Mission simulator offers Penn Hills students lessons in teamwork, independence
Over the past few weeks Jamie Martines, a reporter at the Tribune-Review, paid several of our simulators in the Pittsburgh area a visit. Check out the great article she wrote about us!
Fifteen crew members were at their stations aboard the IKS Dreamcatcher.
Their mission: Locate and disarm the sunlight inhibitor device, a weapon designed by enemy forces to destroy the sun and ultimately, Earth.
“Captain, do I have your permission to light the turbo boosters?” asked Mission Control.
Capt. Rohan Amin stood on the bridge in his glow-in-the-dark Nike Pittsburgh shirt, gazing into space. He ordered takeoff, and his crew jumped into action. First and second officers buzzed around, working with engineers to maintain the craft. The doctor distributed medicine. Hackers and cybersecurity officers kept the ship safe from virtual intruders.
Within an hour, the crew visited all seven continents, met with astronomers and historians and discussed global history.
They also saved the world. All in a day’s work for Amin and his fourth-grade classmates at Penn Hills Elementary School.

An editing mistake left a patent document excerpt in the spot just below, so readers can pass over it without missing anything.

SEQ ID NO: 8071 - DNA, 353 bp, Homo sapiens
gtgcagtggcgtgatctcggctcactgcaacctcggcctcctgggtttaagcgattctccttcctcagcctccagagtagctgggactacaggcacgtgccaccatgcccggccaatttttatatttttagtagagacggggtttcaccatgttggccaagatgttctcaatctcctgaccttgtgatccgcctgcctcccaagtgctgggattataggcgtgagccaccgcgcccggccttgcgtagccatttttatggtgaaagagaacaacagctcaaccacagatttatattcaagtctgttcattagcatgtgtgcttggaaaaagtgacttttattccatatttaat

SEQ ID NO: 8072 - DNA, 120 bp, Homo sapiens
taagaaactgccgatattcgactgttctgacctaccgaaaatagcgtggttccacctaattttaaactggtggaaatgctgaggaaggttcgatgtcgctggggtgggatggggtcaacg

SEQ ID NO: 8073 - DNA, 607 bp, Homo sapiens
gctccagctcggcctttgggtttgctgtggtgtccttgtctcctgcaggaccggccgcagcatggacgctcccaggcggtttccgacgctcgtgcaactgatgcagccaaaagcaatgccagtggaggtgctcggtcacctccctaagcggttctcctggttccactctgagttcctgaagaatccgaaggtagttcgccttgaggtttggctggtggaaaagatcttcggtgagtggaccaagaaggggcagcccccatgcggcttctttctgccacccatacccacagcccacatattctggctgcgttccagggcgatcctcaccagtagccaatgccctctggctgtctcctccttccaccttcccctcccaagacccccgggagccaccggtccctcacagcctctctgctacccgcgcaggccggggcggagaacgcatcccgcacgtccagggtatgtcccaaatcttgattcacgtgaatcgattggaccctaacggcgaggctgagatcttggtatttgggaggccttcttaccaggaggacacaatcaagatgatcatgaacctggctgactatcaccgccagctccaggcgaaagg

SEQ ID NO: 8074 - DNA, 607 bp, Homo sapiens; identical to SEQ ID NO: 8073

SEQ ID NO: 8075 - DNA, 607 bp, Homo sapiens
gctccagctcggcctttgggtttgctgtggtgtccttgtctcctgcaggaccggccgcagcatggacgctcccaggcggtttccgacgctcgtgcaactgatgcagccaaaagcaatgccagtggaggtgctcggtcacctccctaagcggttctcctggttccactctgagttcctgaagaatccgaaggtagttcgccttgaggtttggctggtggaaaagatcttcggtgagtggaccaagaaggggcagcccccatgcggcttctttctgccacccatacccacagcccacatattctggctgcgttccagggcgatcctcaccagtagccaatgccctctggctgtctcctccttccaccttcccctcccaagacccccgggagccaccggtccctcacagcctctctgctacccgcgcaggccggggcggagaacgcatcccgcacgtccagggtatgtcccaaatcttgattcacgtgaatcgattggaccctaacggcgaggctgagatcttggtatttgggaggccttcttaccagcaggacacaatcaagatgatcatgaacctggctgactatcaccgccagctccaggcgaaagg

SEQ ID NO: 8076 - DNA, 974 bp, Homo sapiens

The students were participating in the school’s flight simulator program. It’s an interactive learning experience designed to give students a chance to apply what they’re learning in the classroom to the real world, and this particular mission matches the content they’ve been studying in their social studies class.
The program also is intended to help the students develop teamwork, communication and problem-solving skills.
Young students learn best when they’re immersed in real-life situations, said David Carbonara, assistant professor of instructional technology at the School of Education at Duquesne University. This type of experience makes learning more meaningful and helps keep students engaged. And with the teacher physically behind a wall, observing the students using a video camera, students learn to work with each other instead of relying on the teacher as the source of all the information. Having a title such as “Captain” or “Doctor” gives a student even more ownership over the learning experience.
“It helps to engage them more as a team,” said Jamie Harris, teacher at Penn Hills. In her role as flight director, she runs all of the school’s simulator missions. “They’re looking at this as the role you are assuming, and this is a role you need to do.”
As flight director, [Harris] has the ability to change the difficulty of the mission to match the students’ learning needs. That flexibility makes the program accessible for every student in the school, not just the high achievers. It also allows her to challenge students who could use an extra push, or give others a chance to shine. But that doesn’t mean the missions are a break from work.